In a plague-ridden, medieval Sweden a troubled knight challenges Death to a game of chess. . . .
Sorry, that’s “The Seventh Seal.”
How about, “A long time ago in a galaxy far, far away a Jedi knight trains his callow apprentice to fight the Dark Side. . . ”?
Actually, “Seventh Son,” Sergei Bodrov’s adaptation of Joseph Delaney’s series of novels, borrows from both those movies, as well as many others, and adds the requisite clichéd dialogue, hammy performances, eye-catching set design (by Dante Ferretti, who combines “Game of Thrones” with “Monty Python and the Holy Grail”) and noisy special effects in a 3-D format that makes it all look like it’s being shot through the algae of a dirty aquarium. Nonetheless, it only takes a distant second place to “Mortdecai” as the worst movie with the best cast so far in 2015.
That cast includes Oscar winner Jeff Bridges as Master Gregory, a.k.a. the Spook, the last in a line of warriors dedicated to fighting evil spirits. As the Spook, Bridges does shtick from The Dude and “True Grit” with a voice that sounds like that of Alfred Hitchcock with a serious digestive problem. The wicked witch, Mother Malkin (no relation to Michelle, the conservative columnist), is at the top of his list. Julianne Moore, favored to win an Oscar for her performance in “Still Alice,” plays Malkin. (It’s her first costarring role with Bridges since “The Big Lebowski,” speaking of anticlimax.) She utters lines like “Help yourself to the blood cakes, young one!” Then she takes five as the CGI turns Malkin into a dragon who does battle with Bridges’s stunt double.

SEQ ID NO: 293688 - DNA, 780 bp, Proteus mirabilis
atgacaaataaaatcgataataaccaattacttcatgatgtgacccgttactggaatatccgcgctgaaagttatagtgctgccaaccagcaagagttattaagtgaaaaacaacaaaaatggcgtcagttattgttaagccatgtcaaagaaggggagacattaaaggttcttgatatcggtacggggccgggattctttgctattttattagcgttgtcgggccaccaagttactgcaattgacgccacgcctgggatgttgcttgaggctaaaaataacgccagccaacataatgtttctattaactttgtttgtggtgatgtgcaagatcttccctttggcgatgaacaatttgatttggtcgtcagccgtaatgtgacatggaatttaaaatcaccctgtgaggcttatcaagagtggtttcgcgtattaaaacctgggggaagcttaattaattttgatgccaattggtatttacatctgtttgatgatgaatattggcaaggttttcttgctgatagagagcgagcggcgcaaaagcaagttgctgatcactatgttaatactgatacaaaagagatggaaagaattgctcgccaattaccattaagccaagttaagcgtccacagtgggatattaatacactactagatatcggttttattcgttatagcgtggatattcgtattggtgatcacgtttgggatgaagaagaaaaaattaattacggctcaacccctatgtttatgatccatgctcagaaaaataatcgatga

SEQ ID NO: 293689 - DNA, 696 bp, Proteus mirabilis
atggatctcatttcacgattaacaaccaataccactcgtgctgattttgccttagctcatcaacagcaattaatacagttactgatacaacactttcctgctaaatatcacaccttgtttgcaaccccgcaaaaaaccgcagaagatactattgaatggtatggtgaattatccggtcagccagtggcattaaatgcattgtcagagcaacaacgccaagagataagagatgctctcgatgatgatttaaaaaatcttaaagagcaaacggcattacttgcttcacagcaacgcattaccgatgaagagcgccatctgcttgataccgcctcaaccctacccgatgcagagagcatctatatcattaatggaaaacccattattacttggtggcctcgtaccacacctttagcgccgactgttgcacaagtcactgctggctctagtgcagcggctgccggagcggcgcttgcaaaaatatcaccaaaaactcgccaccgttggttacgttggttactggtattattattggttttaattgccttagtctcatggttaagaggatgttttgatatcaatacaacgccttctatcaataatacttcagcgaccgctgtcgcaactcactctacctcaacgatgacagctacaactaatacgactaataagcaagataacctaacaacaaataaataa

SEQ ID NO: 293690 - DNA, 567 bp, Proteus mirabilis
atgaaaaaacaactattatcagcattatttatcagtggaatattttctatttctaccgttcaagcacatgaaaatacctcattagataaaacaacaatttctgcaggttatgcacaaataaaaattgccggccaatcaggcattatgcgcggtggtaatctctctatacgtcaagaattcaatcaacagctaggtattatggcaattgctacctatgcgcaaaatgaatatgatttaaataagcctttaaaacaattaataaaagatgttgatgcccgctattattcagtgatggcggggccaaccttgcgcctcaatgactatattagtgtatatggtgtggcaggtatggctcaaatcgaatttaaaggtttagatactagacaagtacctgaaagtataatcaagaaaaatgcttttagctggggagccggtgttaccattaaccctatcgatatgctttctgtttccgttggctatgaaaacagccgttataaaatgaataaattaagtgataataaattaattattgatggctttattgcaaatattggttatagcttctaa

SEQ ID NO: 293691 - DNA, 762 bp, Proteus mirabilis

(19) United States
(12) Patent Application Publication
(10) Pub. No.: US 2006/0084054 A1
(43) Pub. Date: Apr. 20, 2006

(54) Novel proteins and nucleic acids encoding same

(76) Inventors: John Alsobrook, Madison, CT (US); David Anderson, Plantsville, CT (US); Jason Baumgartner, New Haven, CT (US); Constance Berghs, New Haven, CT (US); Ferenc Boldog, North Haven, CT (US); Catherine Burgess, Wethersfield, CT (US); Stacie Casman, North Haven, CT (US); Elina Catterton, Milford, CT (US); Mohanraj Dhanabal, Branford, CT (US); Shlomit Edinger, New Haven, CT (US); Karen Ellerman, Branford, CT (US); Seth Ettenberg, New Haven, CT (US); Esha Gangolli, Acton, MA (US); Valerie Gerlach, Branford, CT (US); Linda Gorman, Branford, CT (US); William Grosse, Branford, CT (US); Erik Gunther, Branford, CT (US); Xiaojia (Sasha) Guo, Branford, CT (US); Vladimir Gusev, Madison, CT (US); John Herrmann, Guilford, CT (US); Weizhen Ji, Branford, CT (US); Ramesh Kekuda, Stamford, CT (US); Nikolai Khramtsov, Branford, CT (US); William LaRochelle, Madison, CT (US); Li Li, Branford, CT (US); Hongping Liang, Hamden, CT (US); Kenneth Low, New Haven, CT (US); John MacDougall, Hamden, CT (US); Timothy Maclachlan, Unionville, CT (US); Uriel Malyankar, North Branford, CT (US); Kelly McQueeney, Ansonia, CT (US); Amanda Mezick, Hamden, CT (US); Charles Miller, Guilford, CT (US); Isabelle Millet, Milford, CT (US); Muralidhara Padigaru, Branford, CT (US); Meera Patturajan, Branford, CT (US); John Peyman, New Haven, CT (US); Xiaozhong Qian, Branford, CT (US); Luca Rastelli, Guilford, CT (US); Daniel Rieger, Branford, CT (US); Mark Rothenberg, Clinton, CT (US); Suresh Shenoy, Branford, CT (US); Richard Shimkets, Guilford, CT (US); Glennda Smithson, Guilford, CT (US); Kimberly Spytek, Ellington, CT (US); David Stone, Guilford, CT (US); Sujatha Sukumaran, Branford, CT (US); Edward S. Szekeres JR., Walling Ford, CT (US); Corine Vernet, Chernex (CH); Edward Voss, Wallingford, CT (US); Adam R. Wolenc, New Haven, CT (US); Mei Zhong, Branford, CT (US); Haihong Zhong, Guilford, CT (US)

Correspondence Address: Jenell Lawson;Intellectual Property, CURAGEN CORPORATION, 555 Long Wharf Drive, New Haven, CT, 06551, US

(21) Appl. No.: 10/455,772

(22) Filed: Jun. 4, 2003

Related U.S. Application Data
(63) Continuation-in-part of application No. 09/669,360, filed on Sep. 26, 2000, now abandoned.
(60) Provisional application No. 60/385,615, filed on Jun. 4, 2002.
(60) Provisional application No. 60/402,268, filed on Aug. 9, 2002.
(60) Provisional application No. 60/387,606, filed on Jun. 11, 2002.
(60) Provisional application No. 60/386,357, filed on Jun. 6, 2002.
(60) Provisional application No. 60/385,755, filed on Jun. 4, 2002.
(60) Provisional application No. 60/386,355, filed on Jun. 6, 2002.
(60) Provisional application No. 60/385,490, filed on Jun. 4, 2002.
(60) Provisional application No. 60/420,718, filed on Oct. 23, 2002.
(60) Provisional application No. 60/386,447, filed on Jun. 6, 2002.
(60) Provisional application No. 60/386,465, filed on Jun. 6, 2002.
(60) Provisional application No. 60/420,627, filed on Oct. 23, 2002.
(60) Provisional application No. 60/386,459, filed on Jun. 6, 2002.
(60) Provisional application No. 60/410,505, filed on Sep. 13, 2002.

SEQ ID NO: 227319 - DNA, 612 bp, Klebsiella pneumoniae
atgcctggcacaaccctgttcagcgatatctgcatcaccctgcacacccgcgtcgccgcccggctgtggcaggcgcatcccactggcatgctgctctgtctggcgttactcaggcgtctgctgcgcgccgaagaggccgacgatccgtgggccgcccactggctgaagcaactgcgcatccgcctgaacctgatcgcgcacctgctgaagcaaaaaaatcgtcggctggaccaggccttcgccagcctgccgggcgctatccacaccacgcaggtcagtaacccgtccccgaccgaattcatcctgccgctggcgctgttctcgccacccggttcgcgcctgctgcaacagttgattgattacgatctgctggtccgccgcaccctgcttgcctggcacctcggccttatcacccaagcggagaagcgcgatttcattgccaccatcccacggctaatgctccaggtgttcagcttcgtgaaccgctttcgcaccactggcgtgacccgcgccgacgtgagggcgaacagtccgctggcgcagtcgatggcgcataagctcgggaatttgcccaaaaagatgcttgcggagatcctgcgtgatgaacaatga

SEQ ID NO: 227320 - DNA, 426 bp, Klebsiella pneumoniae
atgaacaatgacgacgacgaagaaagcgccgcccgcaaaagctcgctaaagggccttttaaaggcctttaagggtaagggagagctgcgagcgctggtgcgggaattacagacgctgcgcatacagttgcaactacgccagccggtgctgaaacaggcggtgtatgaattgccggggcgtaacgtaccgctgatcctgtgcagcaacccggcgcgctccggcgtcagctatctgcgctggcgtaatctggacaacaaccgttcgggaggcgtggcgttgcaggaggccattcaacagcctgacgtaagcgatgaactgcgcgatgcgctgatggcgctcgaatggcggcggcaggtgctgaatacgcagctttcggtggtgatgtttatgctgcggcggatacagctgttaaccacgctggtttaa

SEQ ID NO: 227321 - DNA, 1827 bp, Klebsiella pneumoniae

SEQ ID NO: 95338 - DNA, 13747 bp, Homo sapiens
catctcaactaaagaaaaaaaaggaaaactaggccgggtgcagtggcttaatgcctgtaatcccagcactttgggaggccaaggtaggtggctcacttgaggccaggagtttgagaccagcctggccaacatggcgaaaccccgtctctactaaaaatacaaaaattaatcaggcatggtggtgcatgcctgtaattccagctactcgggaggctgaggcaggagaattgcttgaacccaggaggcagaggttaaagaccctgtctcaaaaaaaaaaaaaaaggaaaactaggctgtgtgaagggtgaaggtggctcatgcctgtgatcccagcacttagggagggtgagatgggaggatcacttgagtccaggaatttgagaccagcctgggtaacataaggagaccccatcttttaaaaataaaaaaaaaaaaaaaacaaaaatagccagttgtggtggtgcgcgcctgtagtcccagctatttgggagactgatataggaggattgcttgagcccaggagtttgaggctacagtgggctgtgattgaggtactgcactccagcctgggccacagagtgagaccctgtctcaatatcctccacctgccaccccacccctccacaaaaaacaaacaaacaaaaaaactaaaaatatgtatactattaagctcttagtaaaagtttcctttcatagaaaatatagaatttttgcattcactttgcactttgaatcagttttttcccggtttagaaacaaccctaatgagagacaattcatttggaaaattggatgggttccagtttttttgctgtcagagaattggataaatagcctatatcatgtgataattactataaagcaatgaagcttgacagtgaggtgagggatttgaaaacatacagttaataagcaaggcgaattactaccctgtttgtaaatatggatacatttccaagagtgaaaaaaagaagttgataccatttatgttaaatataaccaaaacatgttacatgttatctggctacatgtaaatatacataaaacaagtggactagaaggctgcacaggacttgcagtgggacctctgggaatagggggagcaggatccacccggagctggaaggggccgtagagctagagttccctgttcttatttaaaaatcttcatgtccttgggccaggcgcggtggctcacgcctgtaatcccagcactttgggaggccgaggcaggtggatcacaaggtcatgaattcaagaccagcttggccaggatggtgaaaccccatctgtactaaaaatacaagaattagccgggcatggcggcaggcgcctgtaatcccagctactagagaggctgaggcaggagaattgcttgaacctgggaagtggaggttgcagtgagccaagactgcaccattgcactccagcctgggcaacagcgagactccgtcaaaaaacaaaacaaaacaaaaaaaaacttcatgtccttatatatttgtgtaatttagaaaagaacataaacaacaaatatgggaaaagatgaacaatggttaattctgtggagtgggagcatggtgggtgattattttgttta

In short, they’re getting too old for this (at least Bridges is; with her foot-long talons, scaly black garb, and pristine, deathly pallor, Moore looks even better than Angelina Jolie in “Maleficent”). So it’s up to the younger generation, Gregory’s apprentice Tom (Ben Barnes), the fortunate son of the title, and Alice (Alicia Vikander), Malkin’s half-human niece, to take up the fight and potentially stretch it into a franchise.
To its credit, despite a rough start (witch burning and all that), “Seventh Son” does not succumb to misogyny. That’s the biggest surprise in a predictable narrative that confuses monotony with destiny.